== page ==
Saturday, 12 March 2011

The Old London Underground Company

It has captured the imaginations of native Londoners, and those who visit the city, since it first opened almost 150 years ago. Its huge infrastructure of tunnels and underground stations has shored up the capital and sustained it during peacetime and war.

Today it's known as the Tube.

But there are currently 26 disused stations around London, with an initial 12 that lend themselves to the innovative use for music, arts, theatrical and fashion events, proposed by The Old London Underground Company (TOLUC), the brainchild of entrepreneur Ajit Chambers.

"The idea is, there's an adventure just below our feet. It's fantastic down there, and one of London's assets that should be exploited for everyone."

Two years in the planning and consultation, TOLUC has designed a business model that will realise the untapped potential of these resources. TOLUC's business plan show a consortium of companies with agreements that form an achievable delivery plan.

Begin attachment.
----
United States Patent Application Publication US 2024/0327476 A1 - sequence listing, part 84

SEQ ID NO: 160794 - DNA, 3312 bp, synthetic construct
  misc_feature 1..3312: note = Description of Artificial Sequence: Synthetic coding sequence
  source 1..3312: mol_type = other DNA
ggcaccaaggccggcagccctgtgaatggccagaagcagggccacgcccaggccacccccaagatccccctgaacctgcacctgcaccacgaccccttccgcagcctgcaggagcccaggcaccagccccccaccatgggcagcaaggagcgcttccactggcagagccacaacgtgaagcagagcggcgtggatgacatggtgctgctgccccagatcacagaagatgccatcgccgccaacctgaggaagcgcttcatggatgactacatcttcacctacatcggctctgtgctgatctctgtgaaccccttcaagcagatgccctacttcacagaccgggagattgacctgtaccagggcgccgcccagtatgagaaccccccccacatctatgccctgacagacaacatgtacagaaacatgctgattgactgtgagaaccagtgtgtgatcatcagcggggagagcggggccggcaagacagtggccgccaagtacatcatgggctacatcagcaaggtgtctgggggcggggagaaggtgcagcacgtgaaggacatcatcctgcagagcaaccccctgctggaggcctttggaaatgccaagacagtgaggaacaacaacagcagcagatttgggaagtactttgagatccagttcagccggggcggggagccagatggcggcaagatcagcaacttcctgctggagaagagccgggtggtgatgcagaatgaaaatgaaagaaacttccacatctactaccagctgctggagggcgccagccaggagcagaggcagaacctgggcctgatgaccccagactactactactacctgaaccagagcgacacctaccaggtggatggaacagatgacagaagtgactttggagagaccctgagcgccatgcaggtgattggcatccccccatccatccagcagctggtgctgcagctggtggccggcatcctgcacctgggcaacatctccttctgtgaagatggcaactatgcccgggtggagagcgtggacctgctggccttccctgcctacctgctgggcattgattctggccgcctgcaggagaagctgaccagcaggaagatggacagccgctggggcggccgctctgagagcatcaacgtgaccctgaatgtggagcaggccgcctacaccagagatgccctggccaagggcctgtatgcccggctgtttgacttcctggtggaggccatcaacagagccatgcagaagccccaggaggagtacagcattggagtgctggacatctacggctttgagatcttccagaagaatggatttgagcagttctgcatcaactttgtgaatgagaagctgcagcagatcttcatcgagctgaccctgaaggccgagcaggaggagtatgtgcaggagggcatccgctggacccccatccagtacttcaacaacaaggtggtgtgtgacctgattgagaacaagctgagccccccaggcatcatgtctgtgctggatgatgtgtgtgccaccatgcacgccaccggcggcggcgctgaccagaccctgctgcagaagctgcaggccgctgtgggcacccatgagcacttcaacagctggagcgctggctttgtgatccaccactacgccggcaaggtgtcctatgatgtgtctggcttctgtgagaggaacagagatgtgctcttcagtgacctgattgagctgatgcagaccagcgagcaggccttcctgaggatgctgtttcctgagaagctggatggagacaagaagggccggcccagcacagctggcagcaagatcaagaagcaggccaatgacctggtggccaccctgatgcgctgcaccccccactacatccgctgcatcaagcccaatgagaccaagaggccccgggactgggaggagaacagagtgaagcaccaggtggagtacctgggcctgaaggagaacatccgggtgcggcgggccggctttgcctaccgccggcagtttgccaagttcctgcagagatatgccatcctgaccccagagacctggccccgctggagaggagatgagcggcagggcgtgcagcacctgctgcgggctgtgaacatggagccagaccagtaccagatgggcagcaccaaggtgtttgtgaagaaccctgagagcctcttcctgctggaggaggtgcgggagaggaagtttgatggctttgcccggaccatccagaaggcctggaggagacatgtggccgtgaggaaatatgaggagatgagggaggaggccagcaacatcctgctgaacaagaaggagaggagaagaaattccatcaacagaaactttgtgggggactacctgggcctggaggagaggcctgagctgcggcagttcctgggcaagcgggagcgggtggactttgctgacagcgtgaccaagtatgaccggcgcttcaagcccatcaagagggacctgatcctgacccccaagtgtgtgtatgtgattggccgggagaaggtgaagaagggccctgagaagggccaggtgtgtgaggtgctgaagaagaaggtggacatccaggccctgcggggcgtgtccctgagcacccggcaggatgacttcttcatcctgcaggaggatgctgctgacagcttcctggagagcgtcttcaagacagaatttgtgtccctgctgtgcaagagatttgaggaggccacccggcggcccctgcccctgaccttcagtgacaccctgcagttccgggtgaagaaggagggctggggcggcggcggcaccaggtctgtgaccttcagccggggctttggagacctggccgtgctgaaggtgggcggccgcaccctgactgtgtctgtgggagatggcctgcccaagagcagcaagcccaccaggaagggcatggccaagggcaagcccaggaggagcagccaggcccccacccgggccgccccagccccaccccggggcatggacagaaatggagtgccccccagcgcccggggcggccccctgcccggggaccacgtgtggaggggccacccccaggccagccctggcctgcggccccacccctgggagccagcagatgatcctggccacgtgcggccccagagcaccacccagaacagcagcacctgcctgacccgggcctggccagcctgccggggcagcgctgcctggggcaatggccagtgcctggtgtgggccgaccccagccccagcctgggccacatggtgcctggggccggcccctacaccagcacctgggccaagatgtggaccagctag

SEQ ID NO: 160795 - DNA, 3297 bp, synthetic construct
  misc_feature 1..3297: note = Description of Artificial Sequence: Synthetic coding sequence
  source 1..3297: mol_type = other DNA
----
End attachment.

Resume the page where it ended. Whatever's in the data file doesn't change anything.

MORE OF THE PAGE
TOLUC will achieve
  • Sound commercial use of a currently unused business opportunity
  • Creation of investment and finance opportunities for London, in keeping with the Mayor's stated aims
  • Capture of London's largest unused asset within a proven robust economic recovery twin sector - Leisure & Tourism
  • A sustainable investment model collaborating with TfL/LU international consultancy strategy
  • Investor inclusion in the proven financial methodology with global recognition across Reuters, Bloomberg and the FT
This is a win-win opportunity for a city currently balancing the effects of a global economic recession while having to accommodate the demands of a Royal Wedding and next year's Olympic Games, while maintaining a system that serves 3.5 million daily journeys.

Without financial risk, the Mayor of London and TfL can utilise this unique asset that will provide much needed income for London, create positive publicity and opportunities for investment and jobs, while helping support the Leisure & Tourism industry (a growth area) during a global recession.

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